"To the honourable lord' wyse & worchipfull sires the Maire and Aldermen of the Cyte London

"Please it un to youre Wyse discrecions in considerac'on of the grete mischief & hurt whych that oft tyme fallene & happene þorugh riotours haserdours & other worse mysgoverned people whyche that bene luskyng a boute in thys Cyte and dayly repayryng ther to that arne harboured wyth diverse folk men & wemen not enfraunchised nor otherwise charged with contribucions of thys Cyte & not havyng opene signes & some in vicious howses called Stewes and some harboured wyth alienes and straungers beyng such people so harboured not knawyng whens they come not havyng eny goodes to lyve by and bene gret Wastoures and Spenders to grete disceit & hurt of owre soveraygne lord & of alle the commen people of thys Realme and in especialle of thys Cite To graunt there fore as for the remedie there of to the people enfraunchised in the craft (fn. 3) of Hostillers of thys Cyte of Londone the pointes after folwyng that is to sey

"First that the Wardeyns of the same Craft have liberte & poware to serche alle maner persones holdyng co'e hostrie havyng wyth hem eny maner gestes or straungiers comyng to the Cite & suche gestes or people as they fynd wyth hem not of good rule or good name or fame to enforme the Maier of thys Cyte or Chamb'leyn for the tyme being for to do correcc'on aswell upon the harberers of hem as upon them that bene suche gestes evell named

"Also that no persone of the said Cite take upone him to hold eny comune hostry or to be a comune herberour of eny people repayryng to thys Cyte but that he have a comon' & an opene sygne wtoute & at his place & that he be knowen of good name and good fame by the Wardeynes & other persones of the same craft to occupie the said occupac'on and they truly to present and truly to do ther in wtout eny favour or malice

"Also that no persone dwellyng in the Cite holdyng comune hostry & opene signe not herborwe nor resceyve eny mane aliene or straunger borne out of thys realme comyng to thys Cite in no wyse o lesse than the same persone present & bring a fore the Maire for the tyme beyng every suche aliene or straunger comyng un to thys Cite wtinne a day & a night after that he be come to the entente that the Maire may have knowleche of the cause of his comyng & of his abydyng upon a competent peyne ther upon to be ordeyned & sett & duly to be arreised of what persone that breketh the saied ordinaunce or do the contrarie therof for the grete availe honeste & profite of thys Cite & alle the realme upon peyne for to lese vjs. viijd. atte first tyme, xiijs. iiijd. atte secund tyme and xxs. at the iij tyme half to the Chaumbre of the Guyldhall & half to the said craft of hostillers and so forth doweblyng the somme as oft tyme as they schall be found doyng the contrarie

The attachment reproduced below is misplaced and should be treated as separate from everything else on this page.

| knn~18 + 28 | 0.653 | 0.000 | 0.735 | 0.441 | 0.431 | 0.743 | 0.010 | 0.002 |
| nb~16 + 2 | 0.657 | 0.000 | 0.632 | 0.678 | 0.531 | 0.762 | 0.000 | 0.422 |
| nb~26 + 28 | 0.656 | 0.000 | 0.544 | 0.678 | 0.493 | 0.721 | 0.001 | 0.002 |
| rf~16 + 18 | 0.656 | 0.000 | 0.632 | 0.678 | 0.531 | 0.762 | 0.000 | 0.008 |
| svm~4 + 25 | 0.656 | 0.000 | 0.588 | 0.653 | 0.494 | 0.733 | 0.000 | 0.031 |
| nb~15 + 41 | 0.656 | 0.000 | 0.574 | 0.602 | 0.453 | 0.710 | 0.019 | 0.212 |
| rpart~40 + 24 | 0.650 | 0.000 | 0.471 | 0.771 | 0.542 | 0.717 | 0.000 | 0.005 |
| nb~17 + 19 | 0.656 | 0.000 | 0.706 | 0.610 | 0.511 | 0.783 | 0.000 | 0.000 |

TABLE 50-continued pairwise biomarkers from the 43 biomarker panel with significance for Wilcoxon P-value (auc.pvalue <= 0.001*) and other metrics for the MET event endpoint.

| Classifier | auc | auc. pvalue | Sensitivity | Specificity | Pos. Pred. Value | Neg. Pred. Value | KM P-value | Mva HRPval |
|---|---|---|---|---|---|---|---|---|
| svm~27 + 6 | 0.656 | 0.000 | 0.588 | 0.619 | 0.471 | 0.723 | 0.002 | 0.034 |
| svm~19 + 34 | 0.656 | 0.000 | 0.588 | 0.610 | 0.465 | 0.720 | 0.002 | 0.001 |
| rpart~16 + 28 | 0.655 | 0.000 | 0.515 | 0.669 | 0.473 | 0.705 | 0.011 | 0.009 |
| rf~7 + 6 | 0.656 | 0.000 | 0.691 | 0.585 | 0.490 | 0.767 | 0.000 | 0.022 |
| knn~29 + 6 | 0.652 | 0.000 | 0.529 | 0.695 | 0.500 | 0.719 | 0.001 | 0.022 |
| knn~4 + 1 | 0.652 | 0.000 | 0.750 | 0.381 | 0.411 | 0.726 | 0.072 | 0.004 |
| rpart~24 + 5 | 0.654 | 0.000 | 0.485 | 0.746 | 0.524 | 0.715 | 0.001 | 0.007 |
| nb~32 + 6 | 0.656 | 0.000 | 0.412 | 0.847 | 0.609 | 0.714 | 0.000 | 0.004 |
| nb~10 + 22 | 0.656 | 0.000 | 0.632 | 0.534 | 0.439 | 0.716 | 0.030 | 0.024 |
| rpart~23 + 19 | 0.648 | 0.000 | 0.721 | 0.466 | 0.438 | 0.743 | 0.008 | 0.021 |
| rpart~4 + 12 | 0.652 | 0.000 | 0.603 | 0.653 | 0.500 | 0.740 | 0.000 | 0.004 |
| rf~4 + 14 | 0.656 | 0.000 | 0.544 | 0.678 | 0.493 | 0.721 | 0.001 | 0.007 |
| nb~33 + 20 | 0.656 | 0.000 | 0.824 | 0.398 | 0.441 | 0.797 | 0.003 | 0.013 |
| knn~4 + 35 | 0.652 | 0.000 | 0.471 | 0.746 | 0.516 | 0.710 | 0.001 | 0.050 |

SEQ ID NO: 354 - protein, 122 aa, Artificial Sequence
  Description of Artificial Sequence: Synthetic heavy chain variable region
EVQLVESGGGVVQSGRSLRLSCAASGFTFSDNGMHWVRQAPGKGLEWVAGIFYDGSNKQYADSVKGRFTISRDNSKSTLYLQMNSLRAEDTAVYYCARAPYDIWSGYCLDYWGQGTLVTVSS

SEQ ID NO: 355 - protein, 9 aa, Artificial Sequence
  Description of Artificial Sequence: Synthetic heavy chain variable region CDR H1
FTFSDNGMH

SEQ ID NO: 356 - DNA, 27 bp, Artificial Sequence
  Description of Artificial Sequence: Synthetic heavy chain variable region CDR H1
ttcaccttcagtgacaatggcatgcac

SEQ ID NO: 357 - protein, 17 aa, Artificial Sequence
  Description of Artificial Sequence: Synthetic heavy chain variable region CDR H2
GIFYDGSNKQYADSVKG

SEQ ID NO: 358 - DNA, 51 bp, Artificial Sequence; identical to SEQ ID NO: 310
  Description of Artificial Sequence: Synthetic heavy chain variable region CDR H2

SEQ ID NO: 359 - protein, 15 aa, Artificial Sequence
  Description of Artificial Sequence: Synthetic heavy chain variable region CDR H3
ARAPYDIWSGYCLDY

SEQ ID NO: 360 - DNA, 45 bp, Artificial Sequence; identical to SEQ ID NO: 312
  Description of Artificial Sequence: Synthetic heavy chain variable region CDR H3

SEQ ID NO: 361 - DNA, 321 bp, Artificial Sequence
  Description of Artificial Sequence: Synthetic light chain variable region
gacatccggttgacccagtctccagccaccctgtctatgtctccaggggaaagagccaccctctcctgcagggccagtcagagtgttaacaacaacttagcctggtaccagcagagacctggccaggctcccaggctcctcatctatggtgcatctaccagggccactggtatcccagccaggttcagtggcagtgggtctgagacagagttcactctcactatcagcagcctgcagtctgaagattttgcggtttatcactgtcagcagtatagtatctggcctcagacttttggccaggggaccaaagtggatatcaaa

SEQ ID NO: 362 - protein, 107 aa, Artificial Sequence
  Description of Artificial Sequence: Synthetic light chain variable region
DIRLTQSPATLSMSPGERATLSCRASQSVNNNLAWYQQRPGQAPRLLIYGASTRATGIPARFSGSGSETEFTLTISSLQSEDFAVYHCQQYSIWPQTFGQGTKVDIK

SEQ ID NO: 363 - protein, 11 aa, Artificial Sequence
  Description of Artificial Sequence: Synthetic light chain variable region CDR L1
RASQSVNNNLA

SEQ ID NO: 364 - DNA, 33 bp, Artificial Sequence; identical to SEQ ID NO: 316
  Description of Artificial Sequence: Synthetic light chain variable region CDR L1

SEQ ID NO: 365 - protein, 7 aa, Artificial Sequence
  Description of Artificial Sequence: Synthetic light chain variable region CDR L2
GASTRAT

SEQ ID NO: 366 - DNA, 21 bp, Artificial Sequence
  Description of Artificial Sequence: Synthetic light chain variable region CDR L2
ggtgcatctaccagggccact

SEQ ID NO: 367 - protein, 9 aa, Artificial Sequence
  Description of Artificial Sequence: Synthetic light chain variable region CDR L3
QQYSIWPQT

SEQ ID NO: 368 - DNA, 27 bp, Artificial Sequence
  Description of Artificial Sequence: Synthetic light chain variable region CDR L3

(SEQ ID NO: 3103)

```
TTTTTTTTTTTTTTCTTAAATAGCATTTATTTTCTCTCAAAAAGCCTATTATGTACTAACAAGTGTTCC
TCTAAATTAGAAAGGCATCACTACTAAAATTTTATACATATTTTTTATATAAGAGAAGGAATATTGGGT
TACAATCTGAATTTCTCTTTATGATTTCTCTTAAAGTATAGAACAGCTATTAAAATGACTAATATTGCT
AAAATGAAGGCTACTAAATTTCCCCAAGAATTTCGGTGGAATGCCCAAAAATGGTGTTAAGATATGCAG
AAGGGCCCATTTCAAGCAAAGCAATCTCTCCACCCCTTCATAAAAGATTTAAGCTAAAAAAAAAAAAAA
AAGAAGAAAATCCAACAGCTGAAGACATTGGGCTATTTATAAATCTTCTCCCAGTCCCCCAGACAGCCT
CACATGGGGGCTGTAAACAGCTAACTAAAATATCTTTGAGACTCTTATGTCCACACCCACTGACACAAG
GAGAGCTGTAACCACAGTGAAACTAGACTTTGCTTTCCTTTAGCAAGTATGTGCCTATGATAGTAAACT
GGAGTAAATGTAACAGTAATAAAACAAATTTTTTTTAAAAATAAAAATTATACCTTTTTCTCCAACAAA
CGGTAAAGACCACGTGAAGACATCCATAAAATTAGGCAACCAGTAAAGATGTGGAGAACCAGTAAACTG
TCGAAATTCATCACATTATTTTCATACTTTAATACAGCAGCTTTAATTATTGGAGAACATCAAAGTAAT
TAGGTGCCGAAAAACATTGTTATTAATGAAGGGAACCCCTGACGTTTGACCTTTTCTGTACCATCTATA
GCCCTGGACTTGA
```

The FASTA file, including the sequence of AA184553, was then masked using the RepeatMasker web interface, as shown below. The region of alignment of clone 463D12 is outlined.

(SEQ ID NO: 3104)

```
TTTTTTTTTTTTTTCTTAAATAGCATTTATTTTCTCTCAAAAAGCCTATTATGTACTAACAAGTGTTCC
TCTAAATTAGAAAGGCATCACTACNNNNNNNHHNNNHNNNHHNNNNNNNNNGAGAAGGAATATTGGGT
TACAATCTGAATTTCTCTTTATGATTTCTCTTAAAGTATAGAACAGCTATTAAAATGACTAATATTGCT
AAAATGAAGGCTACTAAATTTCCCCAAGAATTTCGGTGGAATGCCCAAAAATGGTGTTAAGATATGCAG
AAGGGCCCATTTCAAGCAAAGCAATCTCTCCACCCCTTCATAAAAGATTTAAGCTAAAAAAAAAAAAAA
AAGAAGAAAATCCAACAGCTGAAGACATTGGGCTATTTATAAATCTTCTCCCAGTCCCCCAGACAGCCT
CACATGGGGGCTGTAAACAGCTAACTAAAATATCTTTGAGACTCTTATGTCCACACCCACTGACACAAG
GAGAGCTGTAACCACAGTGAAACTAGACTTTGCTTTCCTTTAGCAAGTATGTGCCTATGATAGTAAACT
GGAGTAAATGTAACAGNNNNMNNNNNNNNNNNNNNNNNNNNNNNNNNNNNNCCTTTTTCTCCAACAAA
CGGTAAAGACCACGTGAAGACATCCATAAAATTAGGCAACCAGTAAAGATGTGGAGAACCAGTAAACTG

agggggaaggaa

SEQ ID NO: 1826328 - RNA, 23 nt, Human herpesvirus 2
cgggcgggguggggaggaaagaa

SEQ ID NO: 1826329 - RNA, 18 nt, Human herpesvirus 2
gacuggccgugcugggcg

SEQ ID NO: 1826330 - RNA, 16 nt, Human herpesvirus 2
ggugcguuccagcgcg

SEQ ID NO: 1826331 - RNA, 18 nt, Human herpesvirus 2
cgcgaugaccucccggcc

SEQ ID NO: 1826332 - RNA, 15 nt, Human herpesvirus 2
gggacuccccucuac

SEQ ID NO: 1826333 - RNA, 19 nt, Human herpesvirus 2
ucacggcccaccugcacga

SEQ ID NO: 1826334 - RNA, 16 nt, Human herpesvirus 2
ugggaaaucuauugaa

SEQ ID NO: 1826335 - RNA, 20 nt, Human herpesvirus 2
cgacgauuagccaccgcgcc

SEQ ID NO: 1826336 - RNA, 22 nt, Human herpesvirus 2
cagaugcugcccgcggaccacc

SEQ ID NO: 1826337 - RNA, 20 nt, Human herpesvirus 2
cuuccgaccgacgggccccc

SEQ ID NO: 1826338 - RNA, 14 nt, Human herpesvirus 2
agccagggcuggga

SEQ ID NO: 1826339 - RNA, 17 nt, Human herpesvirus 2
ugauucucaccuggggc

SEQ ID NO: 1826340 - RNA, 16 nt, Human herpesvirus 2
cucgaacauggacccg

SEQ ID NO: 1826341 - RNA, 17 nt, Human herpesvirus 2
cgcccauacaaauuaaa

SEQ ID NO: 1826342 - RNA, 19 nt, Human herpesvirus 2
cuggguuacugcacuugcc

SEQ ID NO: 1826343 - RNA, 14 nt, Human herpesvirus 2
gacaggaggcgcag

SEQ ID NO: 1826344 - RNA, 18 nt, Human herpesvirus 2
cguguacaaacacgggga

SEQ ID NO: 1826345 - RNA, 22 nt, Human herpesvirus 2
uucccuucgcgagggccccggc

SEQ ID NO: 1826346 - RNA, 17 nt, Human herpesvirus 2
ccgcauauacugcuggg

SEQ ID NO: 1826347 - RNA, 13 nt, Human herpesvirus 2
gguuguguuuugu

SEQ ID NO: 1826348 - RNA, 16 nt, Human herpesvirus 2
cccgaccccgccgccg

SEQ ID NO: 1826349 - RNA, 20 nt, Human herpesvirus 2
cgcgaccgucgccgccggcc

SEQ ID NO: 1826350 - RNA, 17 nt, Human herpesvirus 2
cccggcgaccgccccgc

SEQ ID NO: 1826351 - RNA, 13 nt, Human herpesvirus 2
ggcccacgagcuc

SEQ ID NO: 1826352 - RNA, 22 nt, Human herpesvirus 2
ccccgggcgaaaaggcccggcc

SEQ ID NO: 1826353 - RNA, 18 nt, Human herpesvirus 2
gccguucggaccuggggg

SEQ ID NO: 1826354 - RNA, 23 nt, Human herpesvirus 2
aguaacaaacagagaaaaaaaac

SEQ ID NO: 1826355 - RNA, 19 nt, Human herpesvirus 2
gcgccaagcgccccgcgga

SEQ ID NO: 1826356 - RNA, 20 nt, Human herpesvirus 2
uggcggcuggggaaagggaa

"Also that no maner man holdyng comone hostrie wtin the said Cite resceive nor take eny servaunt hostiler which that hath bene dwellyng afore tyme wt eny persone occupying the said craft in cas the said servaunt hostiller have bene detecte or found vicious or untrewe to his maister a fore tyme occupying the said craft or to eny of his gestis

"Also that alle maner persones enfraunchised in the said Craft be ruled & governed after the good ordinaunces & rules in the same Craft by youre graunt & assent ordeyned & devised for the comone wele of the kynges liege people & availle of the said craft & that every man enfrauncheised of the same craft be obedient to the Wardeyns of the same craft for the tyme being & come at their sommons at alle tymes at place & tyme limited under peyne to paie to the use of the said craft at every tyme that they lakke or be absent the value of j pound wax half to the Chaumbre of the Guyldhalle & half to the Fraternite of Seint Julian saving the Frauncheise of the Cite."

Their petition granted.

Folio 233 b.

Precept for levying in each Ward a fourth part of a fifteenth granted in a Common Council held on the 20th August, anno 23 Henry VI. [A.D. 1445], for the use of the common aqueduct. [No date.]

Precept for holding an armed watch in the several Wards at Christmas to continue until further orders. [No date.] (fn. 4)

18 Nov., 25 Henry VI. [A.D. 1446], petition by John West, "plummer," to the Common Council, that an indenture may be made confirming to him a former grant to the effect that he should "entend to the werkes of the newe condites and of the chambre of thys Citee and do his trewe labour and diligence ther inne and to leve ther fore all other occupac'ons" at a wage prescribed; and further, that he should have two gowns of the Mayor's livery for the time being, and that he should not be put on inquests, &c.

His petition granted.